Not all medical interns posted over ‘funding problems’


Not all medical interns who have completed the Department of Health’s Internship and Community Service (ICS) program are placed for their mandatory year of community service.

The reason given is a shortage of funded posts in certain provinces.

The Department of Health admitted this week that some environmental health practitioners, radiographers and physiotherapists could not be placed for their compulsory service year due to problems with funding for these medical staff.

“However, the department is working with provincial health departments to ensure that funding is unlocked so that all qualified medical personnel are placed for their community service year,” says Foster Mohale, spokesperson for the department.

Mohale says that particular attention is given to the environmental health practitioners who are not posted, as they play an important role by ensuring that various interest groups comply with the necessary food safety laws and regulations.

According to the department, it has since succeeded in placing 2,101 qualified community service personnel and 2,210 medical interns at facilities across the country.

“However, a total of 220 doctors who applied for their community service year were not eligible to be placed now because they started their internship late at the time,” says Mohale.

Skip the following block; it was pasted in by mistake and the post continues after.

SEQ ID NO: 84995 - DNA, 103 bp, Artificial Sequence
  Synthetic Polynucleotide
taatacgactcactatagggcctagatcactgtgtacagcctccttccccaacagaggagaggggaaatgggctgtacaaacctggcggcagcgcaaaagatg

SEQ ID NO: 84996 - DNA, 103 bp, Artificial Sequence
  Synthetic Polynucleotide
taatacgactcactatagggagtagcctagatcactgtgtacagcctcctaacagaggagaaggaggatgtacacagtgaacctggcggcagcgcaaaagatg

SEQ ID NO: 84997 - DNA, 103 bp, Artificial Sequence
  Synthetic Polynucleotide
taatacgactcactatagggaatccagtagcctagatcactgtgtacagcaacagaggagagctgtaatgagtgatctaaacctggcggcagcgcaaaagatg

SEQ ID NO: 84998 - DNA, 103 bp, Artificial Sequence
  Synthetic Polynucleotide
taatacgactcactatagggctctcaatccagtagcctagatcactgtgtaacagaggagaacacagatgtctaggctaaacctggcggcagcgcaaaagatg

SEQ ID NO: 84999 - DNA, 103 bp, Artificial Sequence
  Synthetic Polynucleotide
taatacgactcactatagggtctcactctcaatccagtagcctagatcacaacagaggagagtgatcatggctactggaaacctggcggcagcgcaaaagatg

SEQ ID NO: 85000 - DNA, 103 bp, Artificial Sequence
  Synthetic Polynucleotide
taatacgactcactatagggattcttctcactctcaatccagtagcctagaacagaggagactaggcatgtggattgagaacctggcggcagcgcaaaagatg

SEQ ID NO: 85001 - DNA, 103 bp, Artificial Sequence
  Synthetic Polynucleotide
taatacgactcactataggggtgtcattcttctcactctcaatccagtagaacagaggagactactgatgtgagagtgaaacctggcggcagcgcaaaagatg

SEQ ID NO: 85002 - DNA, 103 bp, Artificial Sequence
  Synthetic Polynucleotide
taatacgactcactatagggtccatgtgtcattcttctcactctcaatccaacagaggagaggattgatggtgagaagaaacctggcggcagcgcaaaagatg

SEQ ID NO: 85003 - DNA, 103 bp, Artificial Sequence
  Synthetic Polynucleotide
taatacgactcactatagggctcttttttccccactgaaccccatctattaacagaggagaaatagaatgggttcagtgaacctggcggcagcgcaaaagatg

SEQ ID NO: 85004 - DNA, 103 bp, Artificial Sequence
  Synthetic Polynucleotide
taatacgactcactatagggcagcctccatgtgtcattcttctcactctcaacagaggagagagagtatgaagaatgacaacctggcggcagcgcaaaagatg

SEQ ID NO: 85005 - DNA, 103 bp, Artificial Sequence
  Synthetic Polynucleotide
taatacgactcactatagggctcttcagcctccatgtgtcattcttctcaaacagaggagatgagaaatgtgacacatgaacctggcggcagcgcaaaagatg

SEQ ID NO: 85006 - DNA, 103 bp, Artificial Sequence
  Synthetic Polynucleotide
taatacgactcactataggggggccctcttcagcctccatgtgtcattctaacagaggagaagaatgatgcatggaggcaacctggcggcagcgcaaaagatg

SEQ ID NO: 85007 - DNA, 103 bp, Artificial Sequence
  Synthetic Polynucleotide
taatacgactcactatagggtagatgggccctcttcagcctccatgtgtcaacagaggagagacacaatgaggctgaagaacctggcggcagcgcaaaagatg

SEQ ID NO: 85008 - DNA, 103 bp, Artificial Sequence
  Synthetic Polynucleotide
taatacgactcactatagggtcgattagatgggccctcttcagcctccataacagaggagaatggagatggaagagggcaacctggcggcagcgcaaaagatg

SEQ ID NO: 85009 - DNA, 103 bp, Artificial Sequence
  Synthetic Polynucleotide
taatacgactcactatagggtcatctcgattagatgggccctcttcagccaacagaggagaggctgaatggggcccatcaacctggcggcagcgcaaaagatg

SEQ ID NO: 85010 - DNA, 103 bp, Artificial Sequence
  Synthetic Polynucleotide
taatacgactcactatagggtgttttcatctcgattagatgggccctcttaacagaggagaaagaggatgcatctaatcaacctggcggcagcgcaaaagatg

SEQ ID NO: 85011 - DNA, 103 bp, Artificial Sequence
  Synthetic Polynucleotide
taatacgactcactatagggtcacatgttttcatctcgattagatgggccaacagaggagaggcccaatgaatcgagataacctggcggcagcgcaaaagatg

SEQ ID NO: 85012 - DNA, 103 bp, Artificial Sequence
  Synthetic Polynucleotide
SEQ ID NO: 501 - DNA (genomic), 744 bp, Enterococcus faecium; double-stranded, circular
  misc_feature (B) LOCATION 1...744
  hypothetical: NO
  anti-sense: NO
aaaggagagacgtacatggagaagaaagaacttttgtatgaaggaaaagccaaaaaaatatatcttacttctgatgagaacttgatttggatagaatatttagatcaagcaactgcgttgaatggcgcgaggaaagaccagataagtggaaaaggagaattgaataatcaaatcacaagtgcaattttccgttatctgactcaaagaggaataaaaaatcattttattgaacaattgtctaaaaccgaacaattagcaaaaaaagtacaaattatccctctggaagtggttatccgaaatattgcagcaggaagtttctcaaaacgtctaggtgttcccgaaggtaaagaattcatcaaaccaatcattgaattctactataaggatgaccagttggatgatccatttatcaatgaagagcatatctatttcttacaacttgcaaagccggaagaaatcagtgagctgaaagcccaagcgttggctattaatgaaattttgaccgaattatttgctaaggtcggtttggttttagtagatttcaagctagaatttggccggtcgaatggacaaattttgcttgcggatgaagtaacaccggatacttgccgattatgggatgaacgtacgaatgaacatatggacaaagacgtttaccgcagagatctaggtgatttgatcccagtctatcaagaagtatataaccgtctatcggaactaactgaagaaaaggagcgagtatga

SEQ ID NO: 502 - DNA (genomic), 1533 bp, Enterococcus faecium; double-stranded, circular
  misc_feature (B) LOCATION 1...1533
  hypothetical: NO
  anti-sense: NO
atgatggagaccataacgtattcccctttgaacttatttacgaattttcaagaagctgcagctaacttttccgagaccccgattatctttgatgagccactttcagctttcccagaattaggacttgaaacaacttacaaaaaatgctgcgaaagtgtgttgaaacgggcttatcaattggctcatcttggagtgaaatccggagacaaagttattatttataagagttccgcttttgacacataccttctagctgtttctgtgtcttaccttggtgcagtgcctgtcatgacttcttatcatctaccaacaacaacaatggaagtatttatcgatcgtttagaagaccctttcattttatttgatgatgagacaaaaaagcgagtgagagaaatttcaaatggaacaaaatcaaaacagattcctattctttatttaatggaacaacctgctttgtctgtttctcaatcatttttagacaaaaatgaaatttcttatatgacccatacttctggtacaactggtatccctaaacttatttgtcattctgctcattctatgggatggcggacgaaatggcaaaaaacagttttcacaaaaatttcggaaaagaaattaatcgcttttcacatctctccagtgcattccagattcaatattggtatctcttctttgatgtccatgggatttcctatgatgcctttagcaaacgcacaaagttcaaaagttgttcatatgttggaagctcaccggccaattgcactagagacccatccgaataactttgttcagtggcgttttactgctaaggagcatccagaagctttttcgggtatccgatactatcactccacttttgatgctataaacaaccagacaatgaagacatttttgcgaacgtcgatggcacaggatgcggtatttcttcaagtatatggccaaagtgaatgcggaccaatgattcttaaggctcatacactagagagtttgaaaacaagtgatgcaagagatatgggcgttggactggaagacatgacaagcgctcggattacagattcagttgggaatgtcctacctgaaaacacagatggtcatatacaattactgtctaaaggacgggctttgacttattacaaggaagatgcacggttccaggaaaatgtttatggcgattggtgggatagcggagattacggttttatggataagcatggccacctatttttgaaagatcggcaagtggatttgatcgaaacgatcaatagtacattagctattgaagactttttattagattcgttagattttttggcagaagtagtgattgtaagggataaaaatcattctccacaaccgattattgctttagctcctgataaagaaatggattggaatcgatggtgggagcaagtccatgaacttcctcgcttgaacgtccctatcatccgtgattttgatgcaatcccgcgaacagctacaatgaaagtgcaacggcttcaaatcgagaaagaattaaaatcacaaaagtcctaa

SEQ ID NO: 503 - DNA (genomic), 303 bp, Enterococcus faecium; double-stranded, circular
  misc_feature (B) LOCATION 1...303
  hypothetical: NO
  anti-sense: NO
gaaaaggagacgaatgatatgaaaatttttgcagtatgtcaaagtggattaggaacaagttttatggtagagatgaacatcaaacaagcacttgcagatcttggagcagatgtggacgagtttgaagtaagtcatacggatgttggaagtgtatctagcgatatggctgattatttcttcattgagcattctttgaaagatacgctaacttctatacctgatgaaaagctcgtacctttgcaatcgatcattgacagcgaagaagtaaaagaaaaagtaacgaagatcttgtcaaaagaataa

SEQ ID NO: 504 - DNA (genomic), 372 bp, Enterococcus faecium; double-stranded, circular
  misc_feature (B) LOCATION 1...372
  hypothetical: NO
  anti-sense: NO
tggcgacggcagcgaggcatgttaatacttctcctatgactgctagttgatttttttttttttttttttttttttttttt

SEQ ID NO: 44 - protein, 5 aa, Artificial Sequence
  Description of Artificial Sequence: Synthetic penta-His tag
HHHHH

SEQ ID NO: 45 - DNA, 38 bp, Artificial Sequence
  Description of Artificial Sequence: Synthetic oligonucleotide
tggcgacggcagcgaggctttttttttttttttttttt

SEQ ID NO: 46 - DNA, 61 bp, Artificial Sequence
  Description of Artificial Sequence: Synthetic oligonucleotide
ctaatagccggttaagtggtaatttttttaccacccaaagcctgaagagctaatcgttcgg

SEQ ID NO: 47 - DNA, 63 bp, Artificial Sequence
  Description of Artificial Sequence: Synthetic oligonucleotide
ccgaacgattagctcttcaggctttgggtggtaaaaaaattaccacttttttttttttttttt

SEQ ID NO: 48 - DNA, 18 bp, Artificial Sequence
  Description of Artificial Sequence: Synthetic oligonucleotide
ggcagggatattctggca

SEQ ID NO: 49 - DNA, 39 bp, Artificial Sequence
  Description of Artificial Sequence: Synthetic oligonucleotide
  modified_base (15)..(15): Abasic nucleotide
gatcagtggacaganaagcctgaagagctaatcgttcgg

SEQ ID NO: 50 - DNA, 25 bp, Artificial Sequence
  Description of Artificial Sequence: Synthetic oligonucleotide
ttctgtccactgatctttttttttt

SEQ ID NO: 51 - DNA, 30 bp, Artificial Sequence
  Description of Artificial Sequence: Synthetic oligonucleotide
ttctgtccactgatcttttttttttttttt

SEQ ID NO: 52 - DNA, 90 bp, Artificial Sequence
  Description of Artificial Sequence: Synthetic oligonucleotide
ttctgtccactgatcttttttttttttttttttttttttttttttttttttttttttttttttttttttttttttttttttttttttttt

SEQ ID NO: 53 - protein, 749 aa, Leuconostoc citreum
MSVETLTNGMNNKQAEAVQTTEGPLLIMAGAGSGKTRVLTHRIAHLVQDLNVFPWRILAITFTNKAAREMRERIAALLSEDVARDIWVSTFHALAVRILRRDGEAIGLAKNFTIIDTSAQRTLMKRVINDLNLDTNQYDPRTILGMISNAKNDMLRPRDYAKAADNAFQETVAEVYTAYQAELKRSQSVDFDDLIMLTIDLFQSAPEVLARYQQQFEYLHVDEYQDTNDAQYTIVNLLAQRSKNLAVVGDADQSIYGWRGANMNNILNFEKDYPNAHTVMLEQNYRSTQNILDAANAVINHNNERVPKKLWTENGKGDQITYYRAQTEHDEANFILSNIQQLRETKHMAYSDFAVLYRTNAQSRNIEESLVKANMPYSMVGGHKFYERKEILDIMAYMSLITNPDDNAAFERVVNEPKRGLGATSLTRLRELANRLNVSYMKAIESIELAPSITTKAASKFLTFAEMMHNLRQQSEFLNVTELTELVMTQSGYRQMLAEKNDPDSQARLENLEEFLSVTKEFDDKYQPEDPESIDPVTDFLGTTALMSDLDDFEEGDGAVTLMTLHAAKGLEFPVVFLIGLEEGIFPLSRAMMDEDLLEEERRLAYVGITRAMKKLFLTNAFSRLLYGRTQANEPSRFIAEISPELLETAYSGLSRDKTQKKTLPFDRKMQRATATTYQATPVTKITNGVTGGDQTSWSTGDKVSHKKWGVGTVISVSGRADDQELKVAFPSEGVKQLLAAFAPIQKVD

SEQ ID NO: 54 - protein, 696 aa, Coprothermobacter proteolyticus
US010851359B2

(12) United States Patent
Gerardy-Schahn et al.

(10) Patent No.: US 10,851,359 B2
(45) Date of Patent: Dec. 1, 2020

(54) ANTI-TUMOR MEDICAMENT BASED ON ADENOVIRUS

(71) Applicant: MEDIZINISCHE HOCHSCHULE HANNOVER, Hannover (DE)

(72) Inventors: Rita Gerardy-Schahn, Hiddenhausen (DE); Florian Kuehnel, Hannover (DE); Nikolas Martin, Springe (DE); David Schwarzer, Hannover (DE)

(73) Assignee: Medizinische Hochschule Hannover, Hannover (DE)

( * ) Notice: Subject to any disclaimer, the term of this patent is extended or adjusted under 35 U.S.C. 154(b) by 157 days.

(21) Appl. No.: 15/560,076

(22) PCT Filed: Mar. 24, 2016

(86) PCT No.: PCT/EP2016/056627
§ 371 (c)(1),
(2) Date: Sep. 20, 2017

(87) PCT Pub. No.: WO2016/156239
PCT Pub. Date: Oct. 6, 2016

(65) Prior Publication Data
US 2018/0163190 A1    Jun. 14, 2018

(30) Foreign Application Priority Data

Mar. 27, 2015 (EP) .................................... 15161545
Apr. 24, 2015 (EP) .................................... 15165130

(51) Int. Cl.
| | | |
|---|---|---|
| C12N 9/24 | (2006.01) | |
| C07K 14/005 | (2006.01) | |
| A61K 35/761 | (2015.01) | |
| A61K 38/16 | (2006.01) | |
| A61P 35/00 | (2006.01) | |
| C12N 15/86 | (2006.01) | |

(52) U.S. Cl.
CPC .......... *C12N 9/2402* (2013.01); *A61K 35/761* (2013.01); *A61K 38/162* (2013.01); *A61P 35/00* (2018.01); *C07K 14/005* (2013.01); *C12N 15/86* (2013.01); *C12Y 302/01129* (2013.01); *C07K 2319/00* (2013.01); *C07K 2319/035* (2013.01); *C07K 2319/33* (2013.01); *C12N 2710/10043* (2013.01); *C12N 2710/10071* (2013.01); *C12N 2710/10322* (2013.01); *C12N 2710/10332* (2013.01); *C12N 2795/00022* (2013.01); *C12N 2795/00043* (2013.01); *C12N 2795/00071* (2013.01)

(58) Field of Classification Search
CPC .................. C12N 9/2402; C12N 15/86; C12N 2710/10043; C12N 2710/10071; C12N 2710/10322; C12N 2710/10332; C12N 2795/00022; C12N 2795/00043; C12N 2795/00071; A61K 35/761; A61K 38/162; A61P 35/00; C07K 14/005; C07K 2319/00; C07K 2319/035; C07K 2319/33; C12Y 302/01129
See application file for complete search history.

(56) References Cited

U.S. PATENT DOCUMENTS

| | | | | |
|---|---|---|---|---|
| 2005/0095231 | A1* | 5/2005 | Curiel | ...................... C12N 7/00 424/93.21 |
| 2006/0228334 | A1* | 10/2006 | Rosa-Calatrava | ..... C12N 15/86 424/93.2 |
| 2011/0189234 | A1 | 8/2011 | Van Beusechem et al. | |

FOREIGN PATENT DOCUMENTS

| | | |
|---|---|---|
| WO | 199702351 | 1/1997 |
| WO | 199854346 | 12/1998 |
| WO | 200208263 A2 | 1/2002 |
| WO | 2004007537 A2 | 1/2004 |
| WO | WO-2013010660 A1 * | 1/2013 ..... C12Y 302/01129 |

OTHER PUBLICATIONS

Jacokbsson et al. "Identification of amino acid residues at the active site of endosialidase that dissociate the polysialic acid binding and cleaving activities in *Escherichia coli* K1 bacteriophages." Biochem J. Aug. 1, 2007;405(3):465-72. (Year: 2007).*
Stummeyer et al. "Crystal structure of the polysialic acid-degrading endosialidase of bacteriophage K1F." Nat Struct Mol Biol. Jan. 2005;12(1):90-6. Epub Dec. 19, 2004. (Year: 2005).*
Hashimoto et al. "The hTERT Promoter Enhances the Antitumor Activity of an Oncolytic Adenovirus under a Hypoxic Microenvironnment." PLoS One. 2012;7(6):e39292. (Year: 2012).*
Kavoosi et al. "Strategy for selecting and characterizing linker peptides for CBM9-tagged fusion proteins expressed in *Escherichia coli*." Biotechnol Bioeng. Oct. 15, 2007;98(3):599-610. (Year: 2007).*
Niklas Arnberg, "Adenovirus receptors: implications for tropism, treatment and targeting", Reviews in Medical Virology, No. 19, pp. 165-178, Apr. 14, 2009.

“As a result, positions will not be allocated to these doctors until later in the year.”

The department claims that another 53 qualified doctors also did not start working at their allotted medical facilities this week, because they rejected the postings for some reason.

“The reasons for this include the geographical location of the posting and all these doctors have already appealed,” says Mohale.

“The department pays attention to all the appeals, and the impact that service delivery has in an area due to the vacant positions will be taken into account during the review process. The outcome of the appeal applications will be communicated to each doctor in due course.”

Last year, several young doctors were at a loss about the placements for the community service year, which was once again late. By December, many of the doctors had not been placed at all, or in completely different places and even in provinces for which they had not applied. The problem with postings apparently repeats itself every year.

A total of 27 doctors were initially placed in the Northern Cape, but then at short notice were placed at their alternative choices.

The department says it is in contact with these doctors and everyone else to keep them informed of the state of affairs.

“The department has also recently become aware of a number of doctors who have been unemployed since they completed their community service year,” says Mohale.

“The department is engaged in discussions with organizations that represent doctors and various provinces to pay attention to this problem of unemployment.”